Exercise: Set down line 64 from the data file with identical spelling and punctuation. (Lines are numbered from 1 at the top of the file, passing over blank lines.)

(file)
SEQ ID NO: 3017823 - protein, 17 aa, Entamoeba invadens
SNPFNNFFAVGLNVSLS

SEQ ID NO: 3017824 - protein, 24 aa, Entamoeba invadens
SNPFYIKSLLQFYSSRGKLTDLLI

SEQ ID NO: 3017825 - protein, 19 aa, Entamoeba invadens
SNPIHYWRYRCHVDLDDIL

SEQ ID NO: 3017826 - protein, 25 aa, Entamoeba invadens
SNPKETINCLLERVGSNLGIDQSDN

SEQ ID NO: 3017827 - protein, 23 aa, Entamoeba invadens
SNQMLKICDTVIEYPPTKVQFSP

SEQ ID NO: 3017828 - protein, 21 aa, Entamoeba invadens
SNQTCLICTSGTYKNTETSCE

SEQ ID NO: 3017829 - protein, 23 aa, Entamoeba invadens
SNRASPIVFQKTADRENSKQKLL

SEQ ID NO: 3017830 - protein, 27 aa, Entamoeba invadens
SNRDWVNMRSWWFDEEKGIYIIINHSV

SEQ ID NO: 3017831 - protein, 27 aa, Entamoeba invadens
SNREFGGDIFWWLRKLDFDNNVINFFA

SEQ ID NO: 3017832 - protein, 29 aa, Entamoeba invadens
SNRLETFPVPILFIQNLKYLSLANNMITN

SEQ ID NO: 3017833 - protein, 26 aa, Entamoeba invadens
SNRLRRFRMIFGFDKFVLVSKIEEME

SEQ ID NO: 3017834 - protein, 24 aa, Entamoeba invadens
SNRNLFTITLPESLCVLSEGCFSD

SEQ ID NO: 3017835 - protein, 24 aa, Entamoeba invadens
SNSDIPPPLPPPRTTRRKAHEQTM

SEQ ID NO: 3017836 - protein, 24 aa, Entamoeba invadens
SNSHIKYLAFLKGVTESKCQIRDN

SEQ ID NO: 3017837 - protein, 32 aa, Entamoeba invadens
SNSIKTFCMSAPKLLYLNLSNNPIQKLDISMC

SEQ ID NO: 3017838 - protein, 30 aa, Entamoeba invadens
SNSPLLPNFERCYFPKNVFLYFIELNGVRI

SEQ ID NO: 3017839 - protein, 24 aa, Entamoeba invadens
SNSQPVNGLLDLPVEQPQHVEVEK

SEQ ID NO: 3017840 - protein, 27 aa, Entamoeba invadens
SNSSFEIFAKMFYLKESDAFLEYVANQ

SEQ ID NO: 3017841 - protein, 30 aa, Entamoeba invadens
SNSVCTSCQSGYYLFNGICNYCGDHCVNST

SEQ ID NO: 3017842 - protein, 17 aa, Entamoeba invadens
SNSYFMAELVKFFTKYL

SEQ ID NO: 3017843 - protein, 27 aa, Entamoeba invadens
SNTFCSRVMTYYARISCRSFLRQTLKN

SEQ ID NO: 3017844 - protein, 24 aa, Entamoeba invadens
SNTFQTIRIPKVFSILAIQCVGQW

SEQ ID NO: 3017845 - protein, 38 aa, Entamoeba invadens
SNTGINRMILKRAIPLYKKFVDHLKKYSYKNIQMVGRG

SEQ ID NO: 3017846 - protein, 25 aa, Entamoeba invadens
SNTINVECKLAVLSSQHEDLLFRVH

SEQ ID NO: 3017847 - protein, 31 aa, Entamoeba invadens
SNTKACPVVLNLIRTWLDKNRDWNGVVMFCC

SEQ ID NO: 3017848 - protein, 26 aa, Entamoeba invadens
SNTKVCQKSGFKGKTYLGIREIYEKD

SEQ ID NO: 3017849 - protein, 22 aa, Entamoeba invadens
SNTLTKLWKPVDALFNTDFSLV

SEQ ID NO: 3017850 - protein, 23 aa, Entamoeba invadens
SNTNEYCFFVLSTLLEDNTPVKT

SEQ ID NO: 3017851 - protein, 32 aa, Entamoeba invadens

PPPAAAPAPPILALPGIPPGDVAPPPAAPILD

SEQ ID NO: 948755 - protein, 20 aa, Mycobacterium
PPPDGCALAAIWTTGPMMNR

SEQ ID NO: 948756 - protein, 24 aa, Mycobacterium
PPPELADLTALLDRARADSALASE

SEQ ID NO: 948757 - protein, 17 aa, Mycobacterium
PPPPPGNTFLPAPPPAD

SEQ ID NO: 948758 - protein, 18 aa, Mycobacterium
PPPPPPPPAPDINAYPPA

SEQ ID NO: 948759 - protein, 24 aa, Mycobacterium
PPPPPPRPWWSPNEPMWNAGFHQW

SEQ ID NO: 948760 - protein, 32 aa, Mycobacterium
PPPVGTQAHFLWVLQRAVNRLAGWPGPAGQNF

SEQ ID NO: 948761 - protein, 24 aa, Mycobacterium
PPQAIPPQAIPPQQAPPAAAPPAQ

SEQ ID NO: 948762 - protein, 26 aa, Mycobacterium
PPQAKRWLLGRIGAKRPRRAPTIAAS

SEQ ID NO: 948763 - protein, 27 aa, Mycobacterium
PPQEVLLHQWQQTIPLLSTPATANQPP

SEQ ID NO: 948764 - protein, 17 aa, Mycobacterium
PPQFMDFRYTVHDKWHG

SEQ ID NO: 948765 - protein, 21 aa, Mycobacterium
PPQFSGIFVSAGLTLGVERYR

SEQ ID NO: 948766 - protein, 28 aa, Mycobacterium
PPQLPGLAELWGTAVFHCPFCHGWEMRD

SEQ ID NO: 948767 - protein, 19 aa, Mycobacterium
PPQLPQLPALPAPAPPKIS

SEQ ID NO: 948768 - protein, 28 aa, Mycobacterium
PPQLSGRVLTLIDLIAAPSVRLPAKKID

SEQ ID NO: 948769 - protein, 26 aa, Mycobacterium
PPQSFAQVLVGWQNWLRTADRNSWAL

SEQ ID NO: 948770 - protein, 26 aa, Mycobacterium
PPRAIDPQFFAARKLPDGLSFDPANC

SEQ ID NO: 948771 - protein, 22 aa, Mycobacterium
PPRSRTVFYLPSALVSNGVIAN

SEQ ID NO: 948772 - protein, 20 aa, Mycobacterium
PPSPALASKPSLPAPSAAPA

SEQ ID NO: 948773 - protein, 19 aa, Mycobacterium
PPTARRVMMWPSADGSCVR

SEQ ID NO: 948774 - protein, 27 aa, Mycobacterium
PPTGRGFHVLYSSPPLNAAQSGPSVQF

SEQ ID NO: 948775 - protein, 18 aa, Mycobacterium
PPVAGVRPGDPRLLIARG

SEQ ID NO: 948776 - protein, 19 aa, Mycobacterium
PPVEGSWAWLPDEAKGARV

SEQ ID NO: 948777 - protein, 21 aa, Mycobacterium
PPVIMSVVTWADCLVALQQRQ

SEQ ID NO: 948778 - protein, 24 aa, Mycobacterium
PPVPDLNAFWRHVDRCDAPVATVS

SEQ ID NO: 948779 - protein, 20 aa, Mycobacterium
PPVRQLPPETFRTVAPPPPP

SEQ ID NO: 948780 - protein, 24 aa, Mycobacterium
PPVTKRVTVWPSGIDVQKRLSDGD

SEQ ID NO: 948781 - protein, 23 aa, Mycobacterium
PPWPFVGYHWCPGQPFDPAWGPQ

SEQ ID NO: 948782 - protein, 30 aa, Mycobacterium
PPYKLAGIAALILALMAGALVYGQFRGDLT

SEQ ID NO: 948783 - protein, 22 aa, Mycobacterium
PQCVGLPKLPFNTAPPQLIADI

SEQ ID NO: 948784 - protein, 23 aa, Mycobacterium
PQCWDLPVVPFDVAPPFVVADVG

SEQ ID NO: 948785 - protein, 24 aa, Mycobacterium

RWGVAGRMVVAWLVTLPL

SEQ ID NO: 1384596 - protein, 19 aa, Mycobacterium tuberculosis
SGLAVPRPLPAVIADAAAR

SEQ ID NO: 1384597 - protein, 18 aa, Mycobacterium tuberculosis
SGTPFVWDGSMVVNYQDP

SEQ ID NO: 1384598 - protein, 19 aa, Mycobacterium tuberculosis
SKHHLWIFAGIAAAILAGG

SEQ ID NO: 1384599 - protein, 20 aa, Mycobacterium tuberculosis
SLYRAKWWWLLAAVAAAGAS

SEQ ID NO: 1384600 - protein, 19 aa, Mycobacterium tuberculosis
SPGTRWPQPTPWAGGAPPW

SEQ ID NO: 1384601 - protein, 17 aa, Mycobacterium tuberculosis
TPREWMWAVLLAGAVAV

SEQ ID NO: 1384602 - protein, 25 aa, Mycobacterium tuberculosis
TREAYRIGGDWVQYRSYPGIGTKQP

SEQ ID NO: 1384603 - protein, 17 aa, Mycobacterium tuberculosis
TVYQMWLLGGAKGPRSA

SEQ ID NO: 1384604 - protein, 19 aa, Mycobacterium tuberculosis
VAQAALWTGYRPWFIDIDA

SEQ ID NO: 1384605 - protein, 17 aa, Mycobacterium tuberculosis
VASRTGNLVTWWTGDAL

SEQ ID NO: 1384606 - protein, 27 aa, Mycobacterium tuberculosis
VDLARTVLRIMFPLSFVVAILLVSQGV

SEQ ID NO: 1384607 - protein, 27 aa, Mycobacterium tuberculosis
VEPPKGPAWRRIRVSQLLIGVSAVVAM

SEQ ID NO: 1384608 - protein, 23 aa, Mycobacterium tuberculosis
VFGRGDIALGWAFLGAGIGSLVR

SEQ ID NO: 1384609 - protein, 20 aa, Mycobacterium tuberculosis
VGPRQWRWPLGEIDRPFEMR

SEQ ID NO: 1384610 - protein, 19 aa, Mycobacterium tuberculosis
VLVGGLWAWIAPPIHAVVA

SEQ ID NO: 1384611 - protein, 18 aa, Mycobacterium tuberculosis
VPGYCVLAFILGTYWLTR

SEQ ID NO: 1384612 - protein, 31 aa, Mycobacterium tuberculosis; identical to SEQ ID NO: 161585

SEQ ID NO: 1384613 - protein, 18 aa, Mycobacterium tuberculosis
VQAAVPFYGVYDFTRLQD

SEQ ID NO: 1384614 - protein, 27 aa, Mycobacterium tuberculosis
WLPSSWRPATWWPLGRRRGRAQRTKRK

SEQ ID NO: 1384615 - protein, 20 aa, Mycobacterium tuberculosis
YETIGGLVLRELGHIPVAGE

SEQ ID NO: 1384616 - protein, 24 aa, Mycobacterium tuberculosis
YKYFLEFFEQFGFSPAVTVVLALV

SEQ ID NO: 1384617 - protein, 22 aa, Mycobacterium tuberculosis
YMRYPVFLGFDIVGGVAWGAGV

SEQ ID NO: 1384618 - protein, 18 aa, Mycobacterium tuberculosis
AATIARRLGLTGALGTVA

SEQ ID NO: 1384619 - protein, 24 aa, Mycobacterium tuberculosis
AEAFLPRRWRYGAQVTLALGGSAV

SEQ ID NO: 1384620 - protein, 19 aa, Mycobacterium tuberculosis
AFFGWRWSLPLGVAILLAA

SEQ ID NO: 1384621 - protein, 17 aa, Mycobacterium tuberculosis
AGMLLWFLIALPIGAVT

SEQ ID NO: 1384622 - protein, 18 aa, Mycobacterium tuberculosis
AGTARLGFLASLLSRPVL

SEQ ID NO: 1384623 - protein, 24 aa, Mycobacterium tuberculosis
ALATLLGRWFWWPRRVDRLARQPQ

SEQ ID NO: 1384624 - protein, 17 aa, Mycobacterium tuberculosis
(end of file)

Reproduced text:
PPPPPGNTFLPAPPPAD